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DISCOVERIES

Where have you gone, Mr. Robinson?

Ali opponent's elusive signature would crown fan's collection

HOOKSETT, N.H. -- And here's to you, Jimmy Robinson. Stephen Singer wants you more than you will know. Wo wo wo.

 

Just a simple signature will do. A signed 3-by-5-inch card. Something. Anything. But alas, "it's a cold trail," Singer laments. "I feel incomplete."

Four years ago the task seemed formidable but not impossible. Singer, the 55-year-old president of a successful family-owned southern New Hampshire auto dealership and a serious collector of Muhammad Ali memorabilia, decided he would acquire the autographs of all 50 professional opponents (in 61 fights) of the three-time world heavyweight champion and international icon. His quest for this one-of-a-kind stash led him to boxers, managers, historians, authors, doctors, and hangers-on. He hired, among others, a professional researcher, a private detective, and a South American rabbi. He paid for a signature on a passport, on a fight program, and on a swatch taken from a pair of boxing trunks. He places his total cost for all this at about $35,000.

Singer has now amassed 49 autographs and is currently having them mounted inside two 6-by-4-foot frames that will become the centerpiece of his "Ali Shrine," an area of Merchants Automotive Group accessible only via

combination lock. But he does not have the 50th signature. He does not have "Sweet" Jim Robinson. "I feel incomplete," he says again, sighing.

Ah, Sweet Jim. Let the record show that he was the fourth opponent of then-Cassius Clay when the two boxers met on Feb. 7, 1961, in Convention Hall in Miami Beach. That he was a last-minute substitute for one Willie Gulatt and was fighting in his second professional bout that night. That Clay knocked him out in the first round. That Robinson fought for seven more years while compiling a record of five wins and 23 losses. That he was knocked out 16 times.

And that he and any trace of him have evaporated.

"I guess he was a man of limited skills and education, and that when his boxing career was over he just kind of disappeared into the sunset," Singer theorizes. "He was like hundreds of fighters who look to boxing for the American dream, and when they fall there's no net to catch them. There are lots of Jimmy Robinsons."

Singer initially thought it wouldn't be particularly difficult to find the Alfredo Evangelistas (opponent No. 46), the Tony Espertis (No. 3), and the Rudi Lubberses (No. 39) of Ali's life, or at least to acquire their signatures. Actually, it wasn't difficult for a while. Like many collectors with the financial means, he initially hired someone to acquire the fighters' autographs for him. But even Steve Jackson, a well-known New Jersey dealer in Ali memorabilia, hit a wall at 40 autographs and 2 1/2 years, despite such finds as the signature of Sonny Banks (No. 11) on the fighter's application for a boxing license and a Cleveland Williams (No. 25) autograph on those silver boxing trunks.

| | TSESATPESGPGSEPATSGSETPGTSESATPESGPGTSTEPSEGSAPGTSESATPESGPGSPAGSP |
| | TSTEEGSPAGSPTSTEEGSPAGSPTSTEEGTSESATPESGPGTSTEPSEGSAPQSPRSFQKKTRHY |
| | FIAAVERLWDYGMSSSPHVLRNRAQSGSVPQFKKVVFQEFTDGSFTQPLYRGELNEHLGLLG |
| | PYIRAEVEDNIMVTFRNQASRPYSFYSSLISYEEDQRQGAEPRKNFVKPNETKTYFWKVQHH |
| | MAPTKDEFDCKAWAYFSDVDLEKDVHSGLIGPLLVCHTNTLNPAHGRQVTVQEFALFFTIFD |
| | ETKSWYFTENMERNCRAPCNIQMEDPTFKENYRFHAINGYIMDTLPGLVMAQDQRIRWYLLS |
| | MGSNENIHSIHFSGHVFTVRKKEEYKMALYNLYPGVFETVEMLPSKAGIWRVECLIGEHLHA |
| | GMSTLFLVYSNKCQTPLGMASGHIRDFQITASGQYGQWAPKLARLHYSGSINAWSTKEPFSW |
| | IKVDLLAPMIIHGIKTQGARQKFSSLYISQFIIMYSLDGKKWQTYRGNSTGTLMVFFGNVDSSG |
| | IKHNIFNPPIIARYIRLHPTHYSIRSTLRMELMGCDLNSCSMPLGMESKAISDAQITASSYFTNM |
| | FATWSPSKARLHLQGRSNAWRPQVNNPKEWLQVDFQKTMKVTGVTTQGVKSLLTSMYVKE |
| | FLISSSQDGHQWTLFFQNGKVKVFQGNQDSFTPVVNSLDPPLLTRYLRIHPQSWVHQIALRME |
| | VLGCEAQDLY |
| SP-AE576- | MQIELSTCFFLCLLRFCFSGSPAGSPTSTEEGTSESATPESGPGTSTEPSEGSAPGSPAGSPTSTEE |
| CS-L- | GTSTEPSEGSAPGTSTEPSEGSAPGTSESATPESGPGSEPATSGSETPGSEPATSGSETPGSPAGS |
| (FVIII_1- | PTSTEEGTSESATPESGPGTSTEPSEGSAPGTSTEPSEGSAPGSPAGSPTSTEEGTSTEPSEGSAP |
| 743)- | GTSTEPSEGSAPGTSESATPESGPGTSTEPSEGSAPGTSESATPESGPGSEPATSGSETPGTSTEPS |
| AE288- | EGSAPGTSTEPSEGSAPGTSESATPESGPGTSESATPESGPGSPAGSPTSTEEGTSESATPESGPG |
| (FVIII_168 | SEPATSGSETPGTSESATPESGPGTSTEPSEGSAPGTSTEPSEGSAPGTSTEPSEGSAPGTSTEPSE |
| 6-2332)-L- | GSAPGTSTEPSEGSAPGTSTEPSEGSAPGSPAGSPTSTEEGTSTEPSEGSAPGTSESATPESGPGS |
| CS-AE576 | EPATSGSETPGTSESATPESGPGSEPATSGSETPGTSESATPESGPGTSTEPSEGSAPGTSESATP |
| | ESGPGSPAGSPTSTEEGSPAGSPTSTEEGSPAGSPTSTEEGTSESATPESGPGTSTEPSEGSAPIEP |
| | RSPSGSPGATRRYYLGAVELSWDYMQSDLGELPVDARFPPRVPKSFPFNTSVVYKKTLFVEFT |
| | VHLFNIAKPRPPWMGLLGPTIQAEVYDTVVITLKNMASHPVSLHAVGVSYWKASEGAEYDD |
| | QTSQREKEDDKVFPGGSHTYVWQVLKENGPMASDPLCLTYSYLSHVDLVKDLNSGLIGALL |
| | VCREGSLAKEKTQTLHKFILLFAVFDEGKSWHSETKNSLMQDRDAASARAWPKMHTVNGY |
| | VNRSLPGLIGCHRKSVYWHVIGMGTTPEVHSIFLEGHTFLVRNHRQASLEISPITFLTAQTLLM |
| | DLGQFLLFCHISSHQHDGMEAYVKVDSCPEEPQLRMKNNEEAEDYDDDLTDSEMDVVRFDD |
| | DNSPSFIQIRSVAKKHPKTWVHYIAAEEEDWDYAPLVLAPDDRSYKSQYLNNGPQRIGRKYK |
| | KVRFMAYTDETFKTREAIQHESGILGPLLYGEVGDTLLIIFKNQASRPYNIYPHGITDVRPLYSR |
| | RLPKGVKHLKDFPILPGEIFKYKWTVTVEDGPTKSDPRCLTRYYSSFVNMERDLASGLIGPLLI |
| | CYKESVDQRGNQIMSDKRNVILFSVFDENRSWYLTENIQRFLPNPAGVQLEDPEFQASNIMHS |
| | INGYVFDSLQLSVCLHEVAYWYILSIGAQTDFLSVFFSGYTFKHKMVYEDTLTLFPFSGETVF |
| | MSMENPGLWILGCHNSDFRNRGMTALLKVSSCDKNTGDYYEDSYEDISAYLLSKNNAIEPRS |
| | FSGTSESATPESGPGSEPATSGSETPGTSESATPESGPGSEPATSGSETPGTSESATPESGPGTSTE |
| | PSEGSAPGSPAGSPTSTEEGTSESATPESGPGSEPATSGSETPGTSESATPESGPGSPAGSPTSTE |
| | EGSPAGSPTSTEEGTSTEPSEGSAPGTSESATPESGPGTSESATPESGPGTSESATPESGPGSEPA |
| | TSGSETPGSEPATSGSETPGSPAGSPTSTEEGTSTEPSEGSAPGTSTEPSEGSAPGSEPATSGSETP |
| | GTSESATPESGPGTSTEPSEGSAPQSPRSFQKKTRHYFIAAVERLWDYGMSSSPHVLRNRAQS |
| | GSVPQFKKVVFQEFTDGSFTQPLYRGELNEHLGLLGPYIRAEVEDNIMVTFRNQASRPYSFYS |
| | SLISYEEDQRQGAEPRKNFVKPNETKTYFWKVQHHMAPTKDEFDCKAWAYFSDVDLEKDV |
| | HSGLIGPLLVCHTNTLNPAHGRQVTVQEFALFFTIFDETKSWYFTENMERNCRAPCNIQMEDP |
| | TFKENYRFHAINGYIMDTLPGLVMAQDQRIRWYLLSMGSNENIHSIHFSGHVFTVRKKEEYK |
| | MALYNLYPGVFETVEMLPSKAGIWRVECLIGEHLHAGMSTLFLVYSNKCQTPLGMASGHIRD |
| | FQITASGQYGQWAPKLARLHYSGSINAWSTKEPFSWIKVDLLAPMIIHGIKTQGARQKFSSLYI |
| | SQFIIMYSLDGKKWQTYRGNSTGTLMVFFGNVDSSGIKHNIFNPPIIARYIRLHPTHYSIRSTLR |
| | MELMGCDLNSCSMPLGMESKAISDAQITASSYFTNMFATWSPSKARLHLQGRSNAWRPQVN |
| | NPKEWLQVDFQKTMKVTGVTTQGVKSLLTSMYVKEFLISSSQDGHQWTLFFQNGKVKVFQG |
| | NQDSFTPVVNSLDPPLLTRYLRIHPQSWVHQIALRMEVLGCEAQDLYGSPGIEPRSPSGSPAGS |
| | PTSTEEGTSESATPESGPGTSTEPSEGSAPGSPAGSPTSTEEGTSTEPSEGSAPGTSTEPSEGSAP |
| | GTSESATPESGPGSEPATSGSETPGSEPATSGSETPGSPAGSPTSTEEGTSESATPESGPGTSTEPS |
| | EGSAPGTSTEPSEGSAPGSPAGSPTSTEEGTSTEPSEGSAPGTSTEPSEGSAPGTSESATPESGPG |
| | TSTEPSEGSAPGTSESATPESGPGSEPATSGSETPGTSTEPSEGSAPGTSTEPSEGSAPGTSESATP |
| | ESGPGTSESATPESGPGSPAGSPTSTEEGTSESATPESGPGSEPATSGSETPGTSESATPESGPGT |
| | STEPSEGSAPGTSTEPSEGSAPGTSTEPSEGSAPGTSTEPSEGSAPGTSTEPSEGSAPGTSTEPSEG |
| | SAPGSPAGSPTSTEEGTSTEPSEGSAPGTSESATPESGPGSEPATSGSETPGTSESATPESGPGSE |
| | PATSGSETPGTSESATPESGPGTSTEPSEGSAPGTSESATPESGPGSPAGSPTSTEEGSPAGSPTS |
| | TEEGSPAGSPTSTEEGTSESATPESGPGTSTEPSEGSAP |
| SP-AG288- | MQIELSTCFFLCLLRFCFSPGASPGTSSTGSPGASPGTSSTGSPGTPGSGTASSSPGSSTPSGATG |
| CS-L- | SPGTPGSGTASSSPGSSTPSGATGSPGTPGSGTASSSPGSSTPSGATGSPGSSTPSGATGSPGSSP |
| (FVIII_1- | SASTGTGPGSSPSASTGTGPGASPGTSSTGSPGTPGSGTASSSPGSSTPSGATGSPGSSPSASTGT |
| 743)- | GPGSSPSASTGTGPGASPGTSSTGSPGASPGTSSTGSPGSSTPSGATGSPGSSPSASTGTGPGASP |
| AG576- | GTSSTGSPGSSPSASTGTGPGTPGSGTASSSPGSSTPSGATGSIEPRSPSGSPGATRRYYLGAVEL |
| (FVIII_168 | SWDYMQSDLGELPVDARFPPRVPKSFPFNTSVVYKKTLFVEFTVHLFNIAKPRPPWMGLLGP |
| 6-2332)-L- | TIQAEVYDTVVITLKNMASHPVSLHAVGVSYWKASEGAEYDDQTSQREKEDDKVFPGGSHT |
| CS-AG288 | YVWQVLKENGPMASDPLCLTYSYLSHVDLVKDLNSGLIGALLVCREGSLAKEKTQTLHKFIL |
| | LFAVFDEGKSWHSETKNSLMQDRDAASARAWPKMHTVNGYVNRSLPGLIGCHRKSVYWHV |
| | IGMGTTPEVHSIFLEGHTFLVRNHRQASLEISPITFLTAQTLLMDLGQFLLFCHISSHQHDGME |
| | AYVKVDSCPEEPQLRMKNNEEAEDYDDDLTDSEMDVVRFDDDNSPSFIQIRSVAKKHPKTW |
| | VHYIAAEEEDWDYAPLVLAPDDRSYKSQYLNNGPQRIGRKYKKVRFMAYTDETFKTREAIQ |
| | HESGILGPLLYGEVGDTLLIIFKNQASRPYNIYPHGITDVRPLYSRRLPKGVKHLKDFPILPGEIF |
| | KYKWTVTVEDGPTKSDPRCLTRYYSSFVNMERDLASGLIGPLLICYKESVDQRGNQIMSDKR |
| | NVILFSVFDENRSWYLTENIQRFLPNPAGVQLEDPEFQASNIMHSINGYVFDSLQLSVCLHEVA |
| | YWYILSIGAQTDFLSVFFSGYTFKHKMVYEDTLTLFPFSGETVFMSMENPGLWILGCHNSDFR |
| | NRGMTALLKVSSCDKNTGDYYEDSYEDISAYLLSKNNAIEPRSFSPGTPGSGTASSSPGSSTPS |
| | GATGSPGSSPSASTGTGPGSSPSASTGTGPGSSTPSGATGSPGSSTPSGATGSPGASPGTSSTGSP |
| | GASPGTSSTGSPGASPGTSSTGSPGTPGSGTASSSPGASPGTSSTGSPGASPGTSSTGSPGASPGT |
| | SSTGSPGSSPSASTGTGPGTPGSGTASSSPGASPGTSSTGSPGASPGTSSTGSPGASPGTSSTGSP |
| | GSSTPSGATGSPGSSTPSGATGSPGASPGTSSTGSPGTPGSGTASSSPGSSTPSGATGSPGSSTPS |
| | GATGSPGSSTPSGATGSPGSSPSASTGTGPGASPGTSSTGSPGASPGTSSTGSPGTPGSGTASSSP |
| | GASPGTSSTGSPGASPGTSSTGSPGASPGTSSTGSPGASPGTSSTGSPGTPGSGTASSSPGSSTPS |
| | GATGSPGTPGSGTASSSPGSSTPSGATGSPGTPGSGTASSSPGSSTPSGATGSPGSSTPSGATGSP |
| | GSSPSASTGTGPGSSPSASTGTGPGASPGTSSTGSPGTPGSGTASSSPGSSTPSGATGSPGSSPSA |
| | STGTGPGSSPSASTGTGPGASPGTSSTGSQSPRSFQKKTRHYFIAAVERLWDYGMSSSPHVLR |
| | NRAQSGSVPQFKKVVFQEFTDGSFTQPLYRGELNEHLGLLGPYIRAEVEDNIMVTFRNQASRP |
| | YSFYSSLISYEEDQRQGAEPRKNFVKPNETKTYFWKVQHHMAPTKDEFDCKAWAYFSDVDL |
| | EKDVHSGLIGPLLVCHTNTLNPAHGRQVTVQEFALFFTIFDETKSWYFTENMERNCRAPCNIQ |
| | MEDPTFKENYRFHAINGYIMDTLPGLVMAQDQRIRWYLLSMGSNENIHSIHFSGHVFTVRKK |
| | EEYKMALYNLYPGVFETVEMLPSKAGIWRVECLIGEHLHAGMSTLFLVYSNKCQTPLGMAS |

"At first, Steve thought the project would be easy," Jackson recalls. "But after a while, he started to get antsy. He finally said, `Let me try myself.' I told him to go ahead. I think now he appreciates what's involved."

For the past 18 months, the hard-driving and competitive Singer has been working the phone, the Internet, and the word processor from what he invariably refers to as the Booming Metropolis of Hookset, N.H. "Boxing is a fraternity," he says, "and I found I had to talk to people in the fraternity." That meant finding and gleaning clues from folks such as Ali's trainer, Angelo Dundee, his fight doctor, Ferdi Pacheco, and perhaps his most respected biographer, Thomas Hauser.

It also meant tracking down Alvin "Blue" Lewis (No. 35) through a former Michigan boxing commissioner and paying $300 for a signed photo of the poster of the Detroit native's 1972 fight with Ali in Ireland. It meant unearthing a Lubbers signature on a postcard that was owned by a boxing fan in the Netherlands who requested payment of only a Rocky Marciano US postage stamp. It meant finding the late Esperti's daughter in Miami, who, in return for $500, provided Singer with a notarized letter that had been signed by her father.

And especially it meant finding out about Alejandro Lavorante (No. 15), an Argentine who was knocked out by Ali in 1962 and died the following year of injuries sustained in his next fight. After poring over newspaper clippings and even hiring an online researcher, Singer located Lavorante's sister in Argentina, whereupon negotiations for the late boxer's passport eventually involved hiring a rabbi to fly 500 miles to consummate the deal because neither party quite trusted the other. The price: $2,500, the most Singer has paid for a single autograph. He does not feel he overspent. "The passport even includes Lavorante's thumbprint," he marvels.

Meanwhile, Singer refuses to abandon his hunt for Robinson, even though a private investigator has come up dry. Indeed, his display of his 49 autographs will contain a space for the 50th. At one point he was about to close a deal to purchase a Jim Robinson signature in Philadelphia for $300, only to discover that the fighter was "Slim" Jim Robinson, not "Sweet" Jim Robinson.

Despite missing his target, Singer -- who admires Ali for his boxing skills, his humanitarianism, and his convictions, and has met him twice -- says he doesn't regret taking his shot. "I've met and talked to a lot of very interesting people along the way," he muses. Everybody, of course, except Sweet Jim.

"Discoveries" appears on alternate Saturdays. Ideas for subject matter -- unusual people, places, events, etc. -- are welcome. Nathan Cobb can be reached at cobb@globe.com or 617-929-7266.

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